Dealing with rage from one of your co workers or employees? Handling rage in the workplace will require you to let go of any impulsive instincts that you may sense crawling up your spine, and to use your emotional intelligence. The problem is that we differ greatly from each other, not only in how we address conflict but in when we prefer to address it. Our first reaction to any situation is generally emotional. In times of conflict, this emotional reaction can take over and control the process. What's more, there's an instinctive "fight or flight" physical response to escalating stress, but we can use these emotional, instinctive reactions to our benefit if we use them with intelligence.
Our emotional intelligence describes our ability to understand our emotions and the emotions of others, and to recognize those emotions as they surface. The goal is to use that increased awareness to more effectively manage our interactions with others, especially in stressful situations.
A situation where intense anger is involved, whether regarding a specific instance or on an ongoing basis, could be described as a bomb -- and like all bombs, it needs diffusing! Just like in the battlefield, a good soldier diffuses bombs because they realize their potential devastating damage - and of course, they don't want to be blown up with it!
But how do you diffuse a bomb in the workplace?
There are four main principles to diffusing a bomb in the workplace. Remember, your goal in diffusing the bomb is bring people together instead of blowing them apart. By sticking to the following principles, you should reach that goal:
When diffusing the bomb, the rule of thumb is Don't Touch the Pot When It's Hot! In other words, never diffuse a bomb when someone is super mad - it'll only make things worse. Let them cool off while sending them messages that indicate empathy and collaboration. Then carefully pick your time to talk to them. Don't do it in the hallway, and not when they are under stress. If your timing is off, the bomb will explode and you will go down with it!
Angry people react poorly when they feel criticized or teamed up against, but they react really well when they feel empathized with. Empathy goes a long way in diffusing bombs because people feel positively towards those who understand them and as a result, they become more collaborative and engaged in the interaction. Empathy also has a soothing effect and goes a long way in diffusing problematic, anger-based situations.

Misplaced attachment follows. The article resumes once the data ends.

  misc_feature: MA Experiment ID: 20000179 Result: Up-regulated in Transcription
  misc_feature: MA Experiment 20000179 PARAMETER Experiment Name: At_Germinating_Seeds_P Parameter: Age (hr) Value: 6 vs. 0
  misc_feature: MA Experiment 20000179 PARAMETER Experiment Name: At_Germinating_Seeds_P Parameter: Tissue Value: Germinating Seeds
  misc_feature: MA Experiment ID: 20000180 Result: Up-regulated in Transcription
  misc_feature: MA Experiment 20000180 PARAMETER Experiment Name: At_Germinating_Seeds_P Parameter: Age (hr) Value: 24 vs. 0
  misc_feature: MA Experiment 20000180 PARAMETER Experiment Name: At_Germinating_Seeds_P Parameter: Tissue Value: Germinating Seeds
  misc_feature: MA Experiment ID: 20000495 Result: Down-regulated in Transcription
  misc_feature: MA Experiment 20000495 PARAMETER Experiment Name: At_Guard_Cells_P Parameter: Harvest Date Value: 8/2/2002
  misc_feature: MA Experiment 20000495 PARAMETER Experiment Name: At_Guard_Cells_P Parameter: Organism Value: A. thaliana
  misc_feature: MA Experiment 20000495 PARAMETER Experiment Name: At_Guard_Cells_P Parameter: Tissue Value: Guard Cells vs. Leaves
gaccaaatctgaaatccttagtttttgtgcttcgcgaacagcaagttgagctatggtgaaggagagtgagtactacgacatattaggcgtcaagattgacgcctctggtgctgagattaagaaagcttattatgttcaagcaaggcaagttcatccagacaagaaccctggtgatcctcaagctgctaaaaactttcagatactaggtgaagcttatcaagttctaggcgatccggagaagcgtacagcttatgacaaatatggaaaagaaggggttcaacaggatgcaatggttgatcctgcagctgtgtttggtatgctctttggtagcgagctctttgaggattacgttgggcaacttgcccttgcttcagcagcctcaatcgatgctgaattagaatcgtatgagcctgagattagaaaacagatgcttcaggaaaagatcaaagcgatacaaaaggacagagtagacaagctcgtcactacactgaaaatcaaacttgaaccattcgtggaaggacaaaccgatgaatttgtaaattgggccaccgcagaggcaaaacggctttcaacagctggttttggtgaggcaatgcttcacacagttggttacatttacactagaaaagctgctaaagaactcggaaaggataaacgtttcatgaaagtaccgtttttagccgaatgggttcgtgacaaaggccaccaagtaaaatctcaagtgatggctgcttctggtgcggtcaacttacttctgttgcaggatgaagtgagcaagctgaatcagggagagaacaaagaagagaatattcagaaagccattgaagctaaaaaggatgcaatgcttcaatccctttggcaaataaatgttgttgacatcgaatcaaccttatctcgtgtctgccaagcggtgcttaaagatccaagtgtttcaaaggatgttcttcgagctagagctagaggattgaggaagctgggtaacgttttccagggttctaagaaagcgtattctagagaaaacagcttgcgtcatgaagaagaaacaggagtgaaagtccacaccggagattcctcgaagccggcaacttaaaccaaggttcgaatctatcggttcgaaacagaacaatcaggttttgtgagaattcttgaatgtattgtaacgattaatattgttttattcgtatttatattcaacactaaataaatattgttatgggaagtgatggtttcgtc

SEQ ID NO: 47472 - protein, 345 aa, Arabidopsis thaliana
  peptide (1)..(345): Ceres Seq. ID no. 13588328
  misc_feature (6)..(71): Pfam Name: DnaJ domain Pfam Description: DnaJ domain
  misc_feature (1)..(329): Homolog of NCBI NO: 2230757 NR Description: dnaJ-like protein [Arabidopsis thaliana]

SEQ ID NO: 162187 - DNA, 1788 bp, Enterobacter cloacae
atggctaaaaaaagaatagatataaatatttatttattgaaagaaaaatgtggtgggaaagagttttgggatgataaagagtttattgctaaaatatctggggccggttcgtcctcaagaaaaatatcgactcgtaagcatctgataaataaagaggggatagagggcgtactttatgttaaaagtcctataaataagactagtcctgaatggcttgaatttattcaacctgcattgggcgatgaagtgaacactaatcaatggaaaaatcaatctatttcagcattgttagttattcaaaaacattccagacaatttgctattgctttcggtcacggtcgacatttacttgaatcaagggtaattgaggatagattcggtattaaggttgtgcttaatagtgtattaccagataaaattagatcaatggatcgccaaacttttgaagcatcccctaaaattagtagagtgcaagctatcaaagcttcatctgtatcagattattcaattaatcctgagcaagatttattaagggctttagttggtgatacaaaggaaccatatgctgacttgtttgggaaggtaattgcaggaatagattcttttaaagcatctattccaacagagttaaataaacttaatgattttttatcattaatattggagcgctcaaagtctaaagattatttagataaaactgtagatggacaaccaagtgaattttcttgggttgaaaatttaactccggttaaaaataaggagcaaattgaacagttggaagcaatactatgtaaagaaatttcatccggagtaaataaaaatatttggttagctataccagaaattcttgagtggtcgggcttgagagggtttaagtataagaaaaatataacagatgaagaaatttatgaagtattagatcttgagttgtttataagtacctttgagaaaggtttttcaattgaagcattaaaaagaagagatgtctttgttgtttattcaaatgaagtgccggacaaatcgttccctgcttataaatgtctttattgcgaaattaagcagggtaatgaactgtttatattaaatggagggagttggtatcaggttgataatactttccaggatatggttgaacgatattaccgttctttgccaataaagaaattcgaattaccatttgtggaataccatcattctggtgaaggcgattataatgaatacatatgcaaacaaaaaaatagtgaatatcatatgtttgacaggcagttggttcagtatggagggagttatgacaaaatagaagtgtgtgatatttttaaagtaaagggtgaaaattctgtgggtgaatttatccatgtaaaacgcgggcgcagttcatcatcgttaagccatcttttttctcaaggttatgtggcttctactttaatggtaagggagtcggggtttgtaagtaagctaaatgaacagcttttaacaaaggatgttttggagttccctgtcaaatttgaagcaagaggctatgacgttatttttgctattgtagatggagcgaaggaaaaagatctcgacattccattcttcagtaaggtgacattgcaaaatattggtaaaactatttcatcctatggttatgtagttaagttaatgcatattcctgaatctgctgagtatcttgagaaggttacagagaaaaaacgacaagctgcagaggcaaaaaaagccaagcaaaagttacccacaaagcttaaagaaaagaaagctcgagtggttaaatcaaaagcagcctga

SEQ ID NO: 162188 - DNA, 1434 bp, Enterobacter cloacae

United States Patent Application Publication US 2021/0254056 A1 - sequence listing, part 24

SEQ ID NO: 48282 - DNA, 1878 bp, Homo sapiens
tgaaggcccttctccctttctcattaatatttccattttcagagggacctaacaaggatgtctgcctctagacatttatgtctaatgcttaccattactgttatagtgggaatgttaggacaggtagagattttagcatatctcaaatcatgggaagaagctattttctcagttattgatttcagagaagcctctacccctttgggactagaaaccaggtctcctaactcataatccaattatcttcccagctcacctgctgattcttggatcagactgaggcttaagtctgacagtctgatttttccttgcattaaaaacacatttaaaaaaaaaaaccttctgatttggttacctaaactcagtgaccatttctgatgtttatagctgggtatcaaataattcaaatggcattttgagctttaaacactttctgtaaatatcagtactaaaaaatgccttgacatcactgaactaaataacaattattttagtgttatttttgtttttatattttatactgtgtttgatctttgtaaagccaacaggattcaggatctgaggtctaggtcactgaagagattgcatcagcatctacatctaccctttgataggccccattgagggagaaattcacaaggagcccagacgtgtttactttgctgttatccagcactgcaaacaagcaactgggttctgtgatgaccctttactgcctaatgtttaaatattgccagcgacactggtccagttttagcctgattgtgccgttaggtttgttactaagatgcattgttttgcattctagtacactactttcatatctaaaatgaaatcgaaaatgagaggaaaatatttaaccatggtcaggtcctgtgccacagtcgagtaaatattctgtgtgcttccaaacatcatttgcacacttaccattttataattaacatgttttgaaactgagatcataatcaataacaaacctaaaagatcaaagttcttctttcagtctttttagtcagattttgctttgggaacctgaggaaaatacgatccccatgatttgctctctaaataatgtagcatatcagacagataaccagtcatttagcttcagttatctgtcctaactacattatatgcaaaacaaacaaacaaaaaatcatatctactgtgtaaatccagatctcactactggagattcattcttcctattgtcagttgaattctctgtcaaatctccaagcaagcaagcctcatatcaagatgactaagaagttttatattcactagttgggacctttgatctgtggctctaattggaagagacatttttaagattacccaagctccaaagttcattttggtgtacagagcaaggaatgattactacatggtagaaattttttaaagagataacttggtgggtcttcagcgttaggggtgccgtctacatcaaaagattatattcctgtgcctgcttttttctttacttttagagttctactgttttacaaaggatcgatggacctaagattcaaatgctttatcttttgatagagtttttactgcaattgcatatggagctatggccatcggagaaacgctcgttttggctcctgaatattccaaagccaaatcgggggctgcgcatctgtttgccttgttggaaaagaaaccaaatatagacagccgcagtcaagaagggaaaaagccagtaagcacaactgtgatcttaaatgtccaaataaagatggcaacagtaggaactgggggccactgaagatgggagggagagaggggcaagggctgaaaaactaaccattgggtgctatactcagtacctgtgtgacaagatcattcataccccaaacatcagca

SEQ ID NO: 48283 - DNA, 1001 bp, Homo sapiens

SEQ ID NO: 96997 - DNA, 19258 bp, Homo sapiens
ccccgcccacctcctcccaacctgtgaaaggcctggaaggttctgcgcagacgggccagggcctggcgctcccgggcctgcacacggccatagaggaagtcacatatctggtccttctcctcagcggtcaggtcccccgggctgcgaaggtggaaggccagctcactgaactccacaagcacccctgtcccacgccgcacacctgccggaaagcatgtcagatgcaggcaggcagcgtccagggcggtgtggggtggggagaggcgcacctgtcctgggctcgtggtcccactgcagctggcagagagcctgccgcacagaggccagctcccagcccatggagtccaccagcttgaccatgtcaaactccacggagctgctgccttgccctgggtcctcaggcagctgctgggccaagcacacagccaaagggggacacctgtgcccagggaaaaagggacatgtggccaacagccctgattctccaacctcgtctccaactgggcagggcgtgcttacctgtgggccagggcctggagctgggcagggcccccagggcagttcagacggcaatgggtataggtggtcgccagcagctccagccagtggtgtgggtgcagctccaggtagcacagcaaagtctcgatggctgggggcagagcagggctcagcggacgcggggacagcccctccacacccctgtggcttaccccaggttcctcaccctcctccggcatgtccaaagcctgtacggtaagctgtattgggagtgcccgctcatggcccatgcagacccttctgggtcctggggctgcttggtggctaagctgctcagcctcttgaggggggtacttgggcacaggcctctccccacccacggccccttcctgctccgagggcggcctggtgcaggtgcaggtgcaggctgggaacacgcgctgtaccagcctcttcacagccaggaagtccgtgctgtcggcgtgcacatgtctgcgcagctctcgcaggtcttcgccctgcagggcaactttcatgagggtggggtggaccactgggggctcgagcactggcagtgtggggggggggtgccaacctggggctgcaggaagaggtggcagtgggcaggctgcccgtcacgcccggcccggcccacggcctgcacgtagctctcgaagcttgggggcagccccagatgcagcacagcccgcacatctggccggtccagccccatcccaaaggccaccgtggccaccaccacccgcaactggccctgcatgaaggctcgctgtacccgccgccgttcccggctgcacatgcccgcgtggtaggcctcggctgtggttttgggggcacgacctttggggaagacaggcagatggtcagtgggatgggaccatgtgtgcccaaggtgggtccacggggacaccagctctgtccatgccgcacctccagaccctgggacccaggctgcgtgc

Don't forget to externalize the issue and separate the person from the problem. Avoid shaming and blaming. Instead, define the external problem and team up with the angry person to think how, together, you can tackle it. You can blame the changes in the company, you can blame the new policies, you can blame the weather- but you will never say to the other person that the problem is them. It is always better to put the blame in some external factor and then think together how to work collaboratively to tackle it. This allows people to save face and increases collaboration and engagement in finding a solution.
Remember, you're a team! You're on the same side, not opposing sides. Simply saying that is not enough, so show it. Include the other person in the thinking process and show them that you're with them not against them. Understand where they're coming from and then together, come up with solutions about how things can be done differently. In other words, work with them even before they work with you. Don't judge, don't shame, and don't blame. Diffusing an anger bomb can only happen using genuine empathy and being perceived as non-threatening.